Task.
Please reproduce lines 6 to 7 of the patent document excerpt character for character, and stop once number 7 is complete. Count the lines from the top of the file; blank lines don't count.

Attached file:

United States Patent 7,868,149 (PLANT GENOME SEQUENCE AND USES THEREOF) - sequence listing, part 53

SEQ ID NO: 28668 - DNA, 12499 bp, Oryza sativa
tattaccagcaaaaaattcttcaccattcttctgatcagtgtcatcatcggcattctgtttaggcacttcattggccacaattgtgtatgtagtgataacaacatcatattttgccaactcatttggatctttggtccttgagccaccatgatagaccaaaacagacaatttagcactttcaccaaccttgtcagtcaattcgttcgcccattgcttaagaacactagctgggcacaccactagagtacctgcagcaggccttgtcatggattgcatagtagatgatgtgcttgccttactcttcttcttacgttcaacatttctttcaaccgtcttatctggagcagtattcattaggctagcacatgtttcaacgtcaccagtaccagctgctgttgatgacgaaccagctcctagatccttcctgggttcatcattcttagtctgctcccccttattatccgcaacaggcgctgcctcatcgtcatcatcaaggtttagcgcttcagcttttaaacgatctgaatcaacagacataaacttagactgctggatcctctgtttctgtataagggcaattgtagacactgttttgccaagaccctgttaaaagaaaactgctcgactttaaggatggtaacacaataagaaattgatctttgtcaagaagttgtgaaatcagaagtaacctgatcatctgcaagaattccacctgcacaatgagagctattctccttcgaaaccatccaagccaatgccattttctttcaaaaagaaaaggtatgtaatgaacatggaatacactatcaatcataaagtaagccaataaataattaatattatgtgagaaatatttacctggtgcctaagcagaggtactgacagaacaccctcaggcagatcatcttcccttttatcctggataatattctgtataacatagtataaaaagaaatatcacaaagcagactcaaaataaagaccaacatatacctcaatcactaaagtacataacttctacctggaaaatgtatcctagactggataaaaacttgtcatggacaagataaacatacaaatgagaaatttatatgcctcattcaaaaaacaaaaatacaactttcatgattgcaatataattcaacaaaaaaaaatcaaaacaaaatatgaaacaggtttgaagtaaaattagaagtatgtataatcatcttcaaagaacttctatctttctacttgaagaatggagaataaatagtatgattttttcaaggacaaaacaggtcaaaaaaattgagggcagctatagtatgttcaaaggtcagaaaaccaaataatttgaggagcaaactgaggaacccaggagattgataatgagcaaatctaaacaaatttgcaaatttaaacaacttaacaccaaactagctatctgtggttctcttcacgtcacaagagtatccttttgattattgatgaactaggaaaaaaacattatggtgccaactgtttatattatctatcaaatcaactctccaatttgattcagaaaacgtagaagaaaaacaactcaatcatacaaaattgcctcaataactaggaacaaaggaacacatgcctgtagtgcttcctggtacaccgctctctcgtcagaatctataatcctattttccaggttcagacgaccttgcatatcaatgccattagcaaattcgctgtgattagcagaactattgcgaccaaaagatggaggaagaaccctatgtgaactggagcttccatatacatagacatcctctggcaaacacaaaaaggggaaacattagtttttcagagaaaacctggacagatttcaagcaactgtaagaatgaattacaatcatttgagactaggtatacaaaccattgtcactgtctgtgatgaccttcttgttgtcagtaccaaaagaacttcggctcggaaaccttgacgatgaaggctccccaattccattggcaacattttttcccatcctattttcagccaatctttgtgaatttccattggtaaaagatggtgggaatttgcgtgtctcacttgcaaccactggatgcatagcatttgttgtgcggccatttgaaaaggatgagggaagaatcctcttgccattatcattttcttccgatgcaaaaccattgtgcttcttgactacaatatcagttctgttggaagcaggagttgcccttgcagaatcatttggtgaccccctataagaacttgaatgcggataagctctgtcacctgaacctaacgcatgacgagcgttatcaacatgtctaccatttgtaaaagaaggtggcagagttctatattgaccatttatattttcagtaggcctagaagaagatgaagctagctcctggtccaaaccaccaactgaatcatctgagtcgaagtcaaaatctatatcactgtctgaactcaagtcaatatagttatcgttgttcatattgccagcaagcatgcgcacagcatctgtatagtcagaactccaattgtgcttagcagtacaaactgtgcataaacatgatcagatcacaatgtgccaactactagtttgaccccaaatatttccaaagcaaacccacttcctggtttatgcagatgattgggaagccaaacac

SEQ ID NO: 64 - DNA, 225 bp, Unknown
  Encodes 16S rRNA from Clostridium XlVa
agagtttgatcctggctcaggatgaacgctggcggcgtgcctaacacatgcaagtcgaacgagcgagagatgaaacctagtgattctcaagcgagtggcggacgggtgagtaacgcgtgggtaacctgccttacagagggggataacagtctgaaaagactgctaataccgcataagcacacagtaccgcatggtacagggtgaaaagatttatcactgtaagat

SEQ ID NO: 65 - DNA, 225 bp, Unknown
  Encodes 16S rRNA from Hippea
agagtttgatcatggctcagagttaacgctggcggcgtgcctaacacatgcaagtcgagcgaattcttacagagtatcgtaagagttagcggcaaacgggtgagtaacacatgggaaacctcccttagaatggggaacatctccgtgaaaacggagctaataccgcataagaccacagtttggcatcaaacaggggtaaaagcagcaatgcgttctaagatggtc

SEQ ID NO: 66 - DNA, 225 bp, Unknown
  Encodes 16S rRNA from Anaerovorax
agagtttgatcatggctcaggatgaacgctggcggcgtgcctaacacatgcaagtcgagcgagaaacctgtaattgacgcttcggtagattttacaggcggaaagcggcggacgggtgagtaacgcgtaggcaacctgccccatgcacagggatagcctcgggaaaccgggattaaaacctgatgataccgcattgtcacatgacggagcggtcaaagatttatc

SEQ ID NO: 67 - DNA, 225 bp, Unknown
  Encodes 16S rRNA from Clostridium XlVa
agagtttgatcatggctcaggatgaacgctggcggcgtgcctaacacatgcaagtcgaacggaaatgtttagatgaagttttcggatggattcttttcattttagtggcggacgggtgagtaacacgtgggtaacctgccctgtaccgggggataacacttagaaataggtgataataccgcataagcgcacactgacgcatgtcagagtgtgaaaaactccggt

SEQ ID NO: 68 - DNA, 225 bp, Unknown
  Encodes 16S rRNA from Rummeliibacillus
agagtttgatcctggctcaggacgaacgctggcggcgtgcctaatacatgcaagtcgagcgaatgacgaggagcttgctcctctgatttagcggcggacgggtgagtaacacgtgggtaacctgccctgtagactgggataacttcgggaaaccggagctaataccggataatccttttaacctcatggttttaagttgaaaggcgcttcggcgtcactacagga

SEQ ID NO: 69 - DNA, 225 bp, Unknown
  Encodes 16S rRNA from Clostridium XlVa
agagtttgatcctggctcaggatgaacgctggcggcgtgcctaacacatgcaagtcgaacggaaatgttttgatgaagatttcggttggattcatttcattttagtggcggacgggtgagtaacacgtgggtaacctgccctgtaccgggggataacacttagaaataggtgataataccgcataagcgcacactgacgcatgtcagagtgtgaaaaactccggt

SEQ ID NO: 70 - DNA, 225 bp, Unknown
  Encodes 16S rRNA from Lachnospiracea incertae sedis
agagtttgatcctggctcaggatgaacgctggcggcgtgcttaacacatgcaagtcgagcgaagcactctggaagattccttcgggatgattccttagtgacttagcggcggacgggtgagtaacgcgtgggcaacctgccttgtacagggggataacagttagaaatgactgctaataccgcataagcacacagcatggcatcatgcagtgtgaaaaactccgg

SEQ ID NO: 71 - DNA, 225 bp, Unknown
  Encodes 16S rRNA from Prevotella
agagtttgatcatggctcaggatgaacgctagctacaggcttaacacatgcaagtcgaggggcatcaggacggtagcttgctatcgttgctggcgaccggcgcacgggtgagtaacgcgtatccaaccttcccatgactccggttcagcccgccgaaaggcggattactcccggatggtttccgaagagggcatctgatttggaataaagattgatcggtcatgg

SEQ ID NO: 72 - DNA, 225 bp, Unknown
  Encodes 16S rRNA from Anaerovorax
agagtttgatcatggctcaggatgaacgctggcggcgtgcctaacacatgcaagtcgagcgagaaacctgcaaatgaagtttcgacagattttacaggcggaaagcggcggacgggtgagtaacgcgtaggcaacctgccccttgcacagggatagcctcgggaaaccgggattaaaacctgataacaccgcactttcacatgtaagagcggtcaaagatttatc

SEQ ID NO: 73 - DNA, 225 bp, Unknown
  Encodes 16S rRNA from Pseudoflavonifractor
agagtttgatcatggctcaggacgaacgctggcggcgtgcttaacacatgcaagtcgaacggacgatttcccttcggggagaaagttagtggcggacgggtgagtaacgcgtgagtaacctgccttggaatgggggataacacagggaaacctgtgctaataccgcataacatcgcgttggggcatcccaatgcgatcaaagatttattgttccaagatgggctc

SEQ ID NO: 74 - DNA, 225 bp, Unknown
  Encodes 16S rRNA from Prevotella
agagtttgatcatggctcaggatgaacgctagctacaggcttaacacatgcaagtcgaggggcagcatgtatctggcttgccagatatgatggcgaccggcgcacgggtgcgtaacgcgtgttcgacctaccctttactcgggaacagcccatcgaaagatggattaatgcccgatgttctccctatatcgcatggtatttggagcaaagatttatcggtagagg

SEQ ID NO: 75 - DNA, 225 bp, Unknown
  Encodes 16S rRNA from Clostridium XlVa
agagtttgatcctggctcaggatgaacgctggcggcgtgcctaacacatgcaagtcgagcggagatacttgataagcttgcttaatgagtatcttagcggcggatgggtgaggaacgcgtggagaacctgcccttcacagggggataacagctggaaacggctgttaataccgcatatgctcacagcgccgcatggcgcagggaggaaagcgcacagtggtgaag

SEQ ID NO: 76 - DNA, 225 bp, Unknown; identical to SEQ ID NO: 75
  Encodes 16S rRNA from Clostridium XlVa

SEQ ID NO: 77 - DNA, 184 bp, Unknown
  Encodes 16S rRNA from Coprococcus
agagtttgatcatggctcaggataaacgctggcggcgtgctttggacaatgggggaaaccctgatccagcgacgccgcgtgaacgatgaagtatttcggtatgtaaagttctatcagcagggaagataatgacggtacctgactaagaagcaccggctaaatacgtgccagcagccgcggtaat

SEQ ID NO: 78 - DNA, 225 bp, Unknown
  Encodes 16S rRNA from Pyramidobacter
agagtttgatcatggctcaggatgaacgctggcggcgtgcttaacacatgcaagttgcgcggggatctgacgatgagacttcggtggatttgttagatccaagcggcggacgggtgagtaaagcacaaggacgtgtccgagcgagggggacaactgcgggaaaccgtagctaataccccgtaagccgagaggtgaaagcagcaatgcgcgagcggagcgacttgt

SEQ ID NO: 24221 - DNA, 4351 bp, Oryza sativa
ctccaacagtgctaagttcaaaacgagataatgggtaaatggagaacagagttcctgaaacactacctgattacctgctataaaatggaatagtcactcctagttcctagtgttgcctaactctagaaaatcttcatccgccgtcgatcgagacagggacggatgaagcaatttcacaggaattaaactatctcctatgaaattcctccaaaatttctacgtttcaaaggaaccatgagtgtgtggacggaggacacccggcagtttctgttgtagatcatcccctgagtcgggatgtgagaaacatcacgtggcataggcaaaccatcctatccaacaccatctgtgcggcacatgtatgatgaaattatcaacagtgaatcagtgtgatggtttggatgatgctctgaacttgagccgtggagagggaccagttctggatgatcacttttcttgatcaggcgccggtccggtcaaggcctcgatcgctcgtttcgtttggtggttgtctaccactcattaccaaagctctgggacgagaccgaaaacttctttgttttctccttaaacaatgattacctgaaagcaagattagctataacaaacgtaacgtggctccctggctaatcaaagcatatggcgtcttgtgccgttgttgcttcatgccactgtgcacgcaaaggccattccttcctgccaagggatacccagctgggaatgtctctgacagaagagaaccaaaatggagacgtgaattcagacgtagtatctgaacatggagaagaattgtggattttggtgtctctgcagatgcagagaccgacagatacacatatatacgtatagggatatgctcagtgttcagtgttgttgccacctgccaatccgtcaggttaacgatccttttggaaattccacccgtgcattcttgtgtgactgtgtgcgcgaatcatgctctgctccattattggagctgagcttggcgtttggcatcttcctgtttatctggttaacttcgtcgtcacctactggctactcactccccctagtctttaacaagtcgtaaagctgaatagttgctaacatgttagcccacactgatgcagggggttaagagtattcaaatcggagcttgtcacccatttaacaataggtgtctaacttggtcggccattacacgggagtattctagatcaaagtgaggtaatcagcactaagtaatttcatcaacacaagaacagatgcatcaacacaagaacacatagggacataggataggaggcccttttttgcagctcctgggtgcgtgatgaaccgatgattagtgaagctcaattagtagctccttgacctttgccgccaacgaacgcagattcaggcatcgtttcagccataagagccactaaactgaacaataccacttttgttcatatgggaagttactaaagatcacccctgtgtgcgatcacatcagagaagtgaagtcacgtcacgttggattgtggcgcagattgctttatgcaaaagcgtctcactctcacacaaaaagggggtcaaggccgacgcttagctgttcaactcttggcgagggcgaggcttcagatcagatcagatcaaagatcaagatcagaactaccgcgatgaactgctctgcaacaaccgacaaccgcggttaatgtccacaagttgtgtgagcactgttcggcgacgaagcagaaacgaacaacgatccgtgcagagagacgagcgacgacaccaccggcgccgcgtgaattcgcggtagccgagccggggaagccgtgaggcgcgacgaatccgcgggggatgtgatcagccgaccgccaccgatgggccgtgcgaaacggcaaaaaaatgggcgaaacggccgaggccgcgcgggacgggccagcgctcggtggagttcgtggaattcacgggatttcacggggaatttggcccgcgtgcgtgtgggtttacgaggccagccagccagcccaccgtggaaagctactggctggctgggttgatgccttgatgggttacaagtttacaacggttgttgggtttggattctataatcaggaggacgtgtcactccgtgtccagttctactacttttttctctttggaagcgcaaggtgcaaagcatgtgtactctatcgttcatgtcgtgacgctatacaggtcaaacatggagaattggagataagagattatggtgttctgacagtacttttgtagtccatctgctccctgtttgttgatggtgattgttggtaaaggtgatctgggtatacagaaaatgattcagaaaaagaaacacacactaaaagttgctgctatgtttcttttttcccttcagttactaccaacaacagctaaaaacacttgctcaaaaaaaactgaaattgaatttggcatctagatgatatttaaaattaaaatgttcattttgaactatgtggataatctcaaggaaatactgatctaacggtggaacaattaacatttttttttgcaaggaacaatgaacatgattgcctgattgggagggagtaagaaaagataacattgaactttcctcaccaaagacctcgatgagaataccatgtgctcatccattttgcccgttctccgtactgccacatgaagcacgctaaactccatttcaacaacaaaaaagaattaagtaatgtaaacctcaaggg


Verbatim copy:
agagtttgatcctggctcaggatgaacgctggcggcgtgcctaacacatgcaagtcgaacgagcgagagatgaaacctagtgattctcaagcgagtggcggacgggtgagtaacgcgtgggtaacctgccttacagagggggataacagtctgaaaagactgctaataccgcataagcacacagtaccgcatggtacagggtgaaaagatttatcactgtaagat

SEQ ID NO: 65 - DNA, 225 bp, Unknown